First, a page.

In our case SBA is just another Spring Boot microservice, which gets deployed alongside the ‘regular’ application services. It requires a Spring Boot Application class, some dependencies and configuration.

Dependency configuration

Let’s start with the dependencies in gradle format.

dependencies {
    compile libraries.springBoot
    compile libraries.springBootAdmin
    compile libraries.springCloudK8s
}

We will elaborate on each of these, minding these dependency versions:

ext {
    jolokiaVersion = '1.6.0'    
    springBootAdminVersion = '2.0.1'
    springCloudK8s = '0.3.0.RELEASE'
}

Spring Boot Admin:

The actual dependency on SBA Starter


springBootAdmin        : [
       'de.codecentric:spring-boot-admin-starter-server'
],

Spring Boot:

We need the spring boot starter obviously and as Spring Boot Admin, is working with Spring Boot Actuator, we will need that as well. The Jolokia dependency is required to interact with JMX through a Rest API.

springBoot             : [
       'org.springframework.boot:spring-boot-starter-web',
       'org.springframework.boot:spring-boot-starter-actuator',
       "org.jolokia:jolokia-core:$jolokiaVersion"
],

Spring Cloud K8s:

This is the Spring Cloud integration with K8s [3], Note that this library can do more than discovery like reading K8s config maps and secrets.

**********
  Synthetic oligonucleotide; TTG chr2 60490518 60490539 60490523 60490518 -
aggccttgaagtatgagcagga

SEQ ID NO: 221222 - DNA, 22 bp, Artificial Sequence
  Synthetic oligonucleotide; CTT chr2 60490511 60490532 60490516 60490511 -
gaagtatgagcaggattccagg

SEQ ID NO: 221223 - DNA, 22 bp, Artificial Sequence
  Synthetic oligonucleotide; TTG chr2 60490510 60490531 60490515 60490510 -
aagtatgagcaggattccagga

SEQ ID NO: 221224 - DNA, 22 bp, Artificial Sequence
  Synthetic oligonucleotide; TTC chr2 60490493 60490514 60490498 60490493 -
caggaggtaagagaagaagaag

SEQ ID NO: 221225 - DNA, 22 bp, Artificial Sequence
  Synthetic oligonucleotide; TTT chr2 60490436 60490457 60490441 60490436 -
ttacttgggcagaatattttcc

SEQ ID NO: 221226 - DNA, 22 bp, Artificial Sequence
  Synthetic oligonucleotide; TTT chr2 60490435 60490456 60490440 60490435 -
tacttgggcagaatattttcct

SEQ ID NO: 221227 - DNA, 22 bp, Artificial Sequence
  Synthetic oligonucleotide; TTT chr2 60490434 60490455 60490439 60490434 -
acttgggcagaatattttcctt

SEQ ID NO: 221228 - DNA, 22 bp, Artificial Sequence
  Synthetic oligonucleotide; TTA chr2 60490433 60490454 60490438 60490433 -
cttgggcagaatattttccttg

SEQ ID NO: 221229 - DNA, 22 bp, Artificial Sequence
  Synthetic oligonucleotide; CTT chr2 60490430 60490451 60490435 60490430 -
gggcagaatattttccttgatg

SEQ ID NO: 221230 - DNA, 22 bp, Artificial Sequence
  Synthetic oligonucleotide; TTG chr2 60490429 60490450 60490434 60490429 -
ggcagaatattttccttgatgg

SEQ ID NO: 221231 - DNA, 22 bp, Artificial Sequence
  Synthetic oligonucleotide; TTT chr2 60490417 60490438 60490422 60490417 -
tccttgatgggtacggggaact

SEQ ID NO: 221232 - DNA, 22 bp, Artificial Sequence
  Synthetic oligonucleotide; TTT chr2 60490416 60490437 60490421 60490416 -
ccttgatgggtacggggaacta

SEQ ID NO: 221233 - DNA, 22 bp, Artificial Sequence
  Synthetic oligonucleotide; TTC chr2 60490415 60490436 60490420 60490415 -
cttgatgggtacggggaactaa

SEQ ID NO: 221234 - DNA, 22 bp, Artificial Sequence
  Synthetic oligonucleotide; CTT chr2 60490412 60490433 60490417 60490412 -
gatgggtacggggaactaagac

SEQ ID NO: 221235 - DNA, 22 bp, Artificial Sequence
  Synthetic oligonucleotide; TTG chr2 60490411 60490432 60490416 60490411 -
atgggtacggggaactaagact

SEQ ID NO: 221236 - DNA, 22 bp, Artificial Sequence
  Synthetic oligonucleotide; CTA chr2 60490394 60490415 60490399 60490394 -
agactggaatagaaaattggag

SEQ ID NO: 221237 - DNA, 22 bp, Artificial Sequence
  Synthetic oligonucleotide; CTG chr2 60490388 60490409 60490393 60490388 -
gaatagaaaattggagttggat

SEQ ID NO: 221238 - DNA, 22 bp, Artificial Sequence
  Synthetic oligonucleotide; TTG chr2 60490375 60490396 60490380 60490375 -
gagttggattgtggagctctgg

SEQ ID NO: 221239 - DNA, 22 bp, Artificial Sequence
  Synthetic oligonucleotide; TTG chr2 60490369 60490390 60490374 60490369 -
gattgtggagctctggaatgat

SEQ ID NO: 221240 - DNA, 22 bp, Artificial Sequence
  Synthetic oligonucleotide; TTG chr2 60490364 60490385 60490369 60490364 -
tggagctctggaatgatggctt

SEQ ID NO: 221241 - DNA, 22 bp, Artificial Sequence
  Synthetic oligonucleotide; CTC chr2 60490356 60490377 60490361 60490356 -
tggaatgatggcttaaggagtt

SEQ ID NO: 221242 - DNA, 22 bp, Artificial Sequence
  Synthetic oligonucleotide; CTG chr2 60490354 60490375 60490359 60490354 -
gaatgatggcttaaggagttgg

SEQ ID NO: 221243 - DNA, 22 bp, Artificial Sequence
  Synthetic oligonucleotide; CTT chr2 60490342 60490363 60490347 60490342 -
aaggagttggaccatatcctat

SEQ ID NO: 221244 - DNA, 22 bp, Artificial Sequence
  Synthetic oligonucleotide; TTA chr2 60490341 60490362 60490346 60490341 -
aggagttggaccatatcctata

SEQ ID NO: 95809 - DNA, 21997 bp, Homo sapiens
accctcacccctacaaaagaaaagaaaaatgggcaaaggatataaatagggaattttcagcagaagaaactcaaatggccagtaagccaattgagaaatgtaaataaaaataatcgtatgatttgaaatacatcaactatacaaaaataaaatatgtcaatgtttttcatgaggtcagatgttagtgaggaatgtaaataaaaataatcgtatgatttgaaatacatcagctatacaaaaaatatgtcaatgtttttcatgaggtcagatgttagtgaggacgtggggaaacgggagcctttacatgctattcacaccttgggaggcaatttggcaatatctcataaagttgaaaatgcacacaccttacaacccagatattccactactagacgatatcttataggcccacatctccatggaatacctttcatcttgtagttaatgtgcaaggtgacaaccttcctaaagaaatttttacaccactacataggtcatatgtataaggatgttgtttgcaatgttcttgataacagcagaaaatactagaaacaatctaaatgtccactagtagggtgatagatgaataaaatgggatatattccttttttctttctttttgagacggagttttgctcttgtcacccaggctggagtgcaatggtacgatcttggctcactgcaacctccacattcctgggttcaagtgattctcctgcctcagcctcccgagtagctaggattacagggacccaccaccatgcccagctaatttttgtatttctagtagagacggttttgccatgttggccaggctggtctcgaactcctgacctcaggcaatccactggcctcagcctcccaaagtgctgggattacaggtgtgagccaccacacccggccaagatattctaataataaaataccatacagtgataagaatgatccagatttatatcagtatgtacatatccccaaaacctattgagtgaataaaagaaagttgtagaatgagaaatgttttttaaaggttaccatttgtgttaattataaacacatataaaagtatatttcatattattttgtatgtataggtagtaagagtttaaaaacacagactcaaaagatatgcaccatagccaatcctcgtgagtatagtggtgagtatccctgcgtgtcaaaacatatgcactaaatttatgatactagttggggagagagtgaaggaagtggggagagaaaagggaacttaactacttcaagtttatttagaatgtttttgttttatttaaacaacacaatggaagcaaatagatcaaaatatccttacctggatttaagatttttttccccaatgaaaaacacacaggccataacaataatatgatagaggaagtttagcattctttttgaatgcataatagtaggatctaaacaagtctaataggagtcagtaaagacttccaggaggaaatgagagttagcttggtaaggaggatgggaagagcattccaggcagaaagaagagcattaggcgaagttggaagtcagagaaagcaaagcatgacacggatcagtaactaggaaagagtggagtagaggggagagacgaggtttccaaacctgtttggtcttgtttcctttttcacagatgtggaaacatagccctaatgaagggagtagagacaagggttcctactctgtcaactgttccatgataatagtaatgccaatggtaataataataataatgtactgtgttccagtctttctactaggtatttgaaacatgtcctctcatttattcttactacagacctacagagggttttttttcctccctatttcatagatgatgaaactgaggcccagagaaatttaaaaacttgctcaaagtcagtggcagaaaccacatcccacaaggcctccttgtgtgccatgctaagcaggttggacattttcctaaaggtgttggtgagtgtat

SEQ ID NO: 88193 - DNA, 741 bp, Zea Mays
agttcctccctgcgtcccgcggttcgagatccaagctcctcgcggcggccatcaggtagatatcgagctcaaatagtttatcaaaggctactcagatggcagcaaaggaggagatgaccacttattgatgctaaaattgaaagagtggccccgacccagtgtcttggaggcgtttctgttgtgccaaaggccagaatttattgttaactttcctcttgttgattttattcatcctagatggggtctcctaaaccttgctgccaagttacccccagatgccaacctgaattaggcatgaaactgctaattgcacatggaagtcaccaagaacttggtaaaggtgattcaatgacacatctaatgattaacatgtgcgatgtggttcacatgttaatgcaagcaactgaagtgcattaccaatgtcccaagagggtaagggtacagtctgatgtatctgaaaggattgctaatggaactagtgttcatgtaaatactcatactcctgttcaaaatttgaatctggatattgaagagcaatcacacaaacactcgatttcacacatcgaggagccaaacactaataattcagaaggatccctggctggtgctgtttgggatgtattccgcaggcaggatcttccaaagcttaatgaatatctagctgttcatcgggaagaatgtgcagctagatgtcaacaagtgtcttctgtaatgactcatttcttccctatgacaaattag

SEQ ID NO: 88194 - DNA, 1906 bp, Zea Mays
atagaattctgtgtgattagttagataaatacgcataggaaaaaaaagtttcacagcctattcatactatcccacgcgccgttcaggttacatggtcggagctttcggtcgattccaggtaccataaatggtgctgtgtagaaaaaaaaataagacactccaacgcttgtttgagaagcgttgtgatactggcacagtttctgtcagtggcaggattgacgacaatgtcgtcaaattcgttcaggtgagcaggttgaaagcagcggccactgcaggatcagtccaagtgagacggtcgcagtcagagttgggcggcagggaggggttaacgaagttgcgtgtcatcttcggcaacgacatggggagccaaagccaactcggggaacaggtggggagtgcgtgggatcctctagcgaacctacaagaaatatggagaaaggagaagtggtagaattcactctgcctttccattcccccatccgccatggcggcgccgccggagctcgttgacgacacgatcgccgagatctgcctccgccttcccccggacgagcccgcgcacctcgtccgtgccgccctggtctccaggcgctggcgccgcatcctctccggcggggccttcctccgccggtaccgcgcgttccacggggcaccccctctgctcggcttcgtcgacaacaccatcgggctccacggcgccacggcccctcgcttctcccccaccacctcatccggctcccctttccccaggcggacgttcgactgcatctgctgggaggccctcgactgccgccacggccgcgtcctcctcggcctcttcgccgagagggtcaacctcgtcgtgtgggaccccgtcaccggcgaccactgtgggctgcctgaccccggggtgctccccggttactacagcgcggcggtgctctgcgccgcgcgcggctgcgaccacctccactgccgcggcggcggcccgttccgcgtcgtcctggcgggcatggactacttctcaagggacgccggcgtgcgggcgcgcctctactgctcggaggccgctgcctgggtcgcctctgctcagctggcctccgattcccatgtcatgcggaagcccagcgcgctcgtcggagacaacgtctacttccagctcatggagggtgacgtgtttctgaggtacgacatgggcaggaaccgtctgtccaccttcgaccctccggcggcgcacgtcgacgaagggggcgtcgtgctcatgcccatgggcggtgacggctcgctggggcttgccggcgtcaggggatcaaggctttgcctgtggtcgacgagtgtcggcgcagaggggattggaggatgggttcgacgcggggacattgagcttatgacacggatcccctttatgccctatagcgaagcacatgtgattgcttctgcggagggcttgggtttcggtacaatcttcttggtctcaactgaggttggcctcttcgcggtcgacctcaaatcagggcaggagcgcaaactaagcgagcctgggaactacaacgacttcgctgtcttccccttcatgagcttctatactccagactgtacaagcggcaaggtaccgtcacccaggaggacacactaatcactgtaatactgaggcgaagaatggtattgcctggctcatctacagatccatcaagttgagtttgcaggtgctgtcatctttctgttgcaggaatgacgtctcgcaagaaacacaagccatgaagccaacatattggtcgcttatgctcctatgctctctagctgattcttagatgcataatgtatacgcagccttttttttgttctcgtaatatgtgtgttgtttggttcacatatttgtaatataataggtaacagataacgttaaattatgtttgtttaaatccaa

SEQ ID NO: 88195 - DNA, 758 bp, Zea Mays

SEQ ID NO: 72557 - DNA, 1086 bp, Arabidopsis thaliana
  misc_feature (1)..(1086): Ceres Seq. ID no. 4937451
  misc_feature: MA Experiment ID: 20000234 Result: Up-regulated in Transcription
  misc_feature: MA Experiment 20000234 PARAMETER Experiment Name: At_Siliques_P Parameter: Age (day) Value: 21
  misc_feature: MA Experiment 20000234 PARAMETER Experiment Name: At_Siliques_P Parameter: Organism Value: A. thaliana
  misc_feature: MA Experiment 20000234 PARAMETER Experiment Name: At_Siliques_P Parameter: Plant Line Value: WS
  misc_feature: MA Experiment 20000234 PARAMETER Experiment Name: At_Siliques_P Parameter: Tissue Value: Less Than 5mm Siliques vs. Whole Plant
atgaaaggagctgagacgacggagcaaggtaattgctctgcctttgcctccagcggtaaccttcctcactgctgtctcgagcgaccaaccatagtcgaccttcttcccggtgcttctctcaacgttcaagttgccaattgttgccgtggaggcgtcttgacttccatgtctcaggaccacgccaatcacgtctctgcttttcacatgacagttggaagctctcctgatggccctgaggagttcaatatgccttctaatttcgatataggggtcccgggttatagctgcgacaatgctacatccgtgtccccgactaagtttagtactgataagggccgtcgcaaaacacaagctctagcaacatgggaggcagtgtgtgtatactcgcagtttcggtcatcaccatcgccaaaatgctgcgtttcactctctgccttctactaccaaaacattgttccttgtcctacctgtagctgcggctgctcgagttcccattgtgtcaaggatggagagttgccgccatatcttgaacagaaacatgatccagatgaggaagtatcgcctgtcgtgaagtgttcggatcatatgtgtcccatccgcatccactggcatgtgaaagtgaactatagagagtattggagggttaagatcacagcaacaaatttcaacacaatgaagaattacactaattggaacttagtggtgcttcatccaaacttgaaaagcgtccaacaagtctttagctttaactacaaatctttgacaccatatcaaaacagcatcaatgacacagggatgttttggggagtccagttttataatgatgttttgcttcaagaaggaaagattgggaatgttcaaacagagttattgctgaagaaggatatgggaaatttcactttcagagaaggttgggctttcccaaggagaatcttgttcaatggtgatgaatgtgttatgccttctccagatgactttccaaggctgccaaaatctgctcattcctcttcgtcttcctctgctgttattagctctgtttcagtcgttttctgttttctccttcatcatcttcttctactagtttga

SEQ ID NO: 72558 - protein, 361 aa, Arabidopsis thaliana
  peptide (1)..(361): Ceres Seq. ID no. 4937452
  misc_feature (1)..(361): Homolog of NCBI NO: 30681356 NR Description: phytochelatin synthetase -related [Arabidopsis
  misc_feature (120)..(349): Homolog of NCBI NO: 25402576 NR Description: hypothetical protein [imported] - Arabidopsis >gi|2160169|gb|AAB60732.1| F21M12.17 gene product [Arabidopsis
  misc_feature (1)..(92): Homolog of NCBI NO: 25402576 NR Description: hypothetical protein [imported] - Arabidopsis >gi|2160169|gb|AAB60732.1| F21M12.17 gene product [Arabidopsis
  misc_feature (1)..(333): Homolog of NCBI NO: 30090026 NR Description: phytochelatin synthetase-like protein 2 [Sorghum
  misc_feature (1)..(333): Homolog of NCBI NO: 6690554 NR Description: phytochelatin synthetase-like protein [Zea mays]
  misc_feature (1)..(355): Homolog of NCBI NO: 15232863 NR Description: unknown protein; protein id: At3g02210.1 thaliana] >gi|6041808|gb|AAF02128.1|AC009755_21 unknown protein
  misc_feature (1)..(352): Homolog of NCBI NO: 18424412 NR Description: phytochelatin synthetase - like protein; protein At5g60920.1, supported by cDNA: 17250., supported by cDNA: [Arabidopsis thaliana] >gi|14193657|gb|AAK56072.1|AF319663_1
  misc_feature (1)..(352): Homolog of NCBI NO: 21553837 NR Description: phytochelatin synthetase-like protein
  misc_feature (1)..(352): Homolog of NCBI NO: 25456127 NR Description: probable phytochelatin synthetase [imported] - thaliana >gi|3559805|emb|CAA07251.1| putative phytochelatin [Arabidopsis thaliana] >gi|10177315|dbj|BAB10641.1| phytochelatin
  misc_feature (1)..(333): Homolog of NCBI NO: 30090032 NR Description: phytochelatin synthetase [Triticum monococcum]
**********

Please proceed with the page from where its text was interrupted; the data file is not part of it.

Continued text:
springCloudK8s         : [
       'org.springframework.cloud:spring-cloud-starter',
       "org.springframework.cloud:spring-cloud-starter-kubernetes:$springCloudK8s"

],

Spring Boot Application

@SpringBootApplication
@EnableAdminServer
@EnableDiscoveryClient
@EnableScheduling
@Configuration
public class AdminApplication {
  public static void main(String[] args) {
     SpringApplication.run(AdminApplication.class, args);
  }
}

That’s it, with a lot of magic, we get this application to do what we want, let’s go through the ‘Enable’ annotations.

@EnableAdminServer

This is an annotation from SBA itself to tell spring to configure this

@EnableDiscoveryClient

This is required, so SBA can discover services from a Spring Cloud Discovery implementation. As we have a dependency on Spring Cloud Kubernetes, we expect the microservices deployed as ‘service’ in K8s to be discovered.

@EnableScheduling

Now this one is interesting, and unfortunately not documented. In order for Spring Cloud k8s, to check the status of a service on regular basis, the implementation schedules a task to do so. Failing to provide this annotation, will cause the service status not to be updated in SBA. (Although the services running will be discovered, when SBA is launched. This requirement was only he found out, after going through the code, and noticing a @Scheduled annotation in the Spring Cloud K8s code.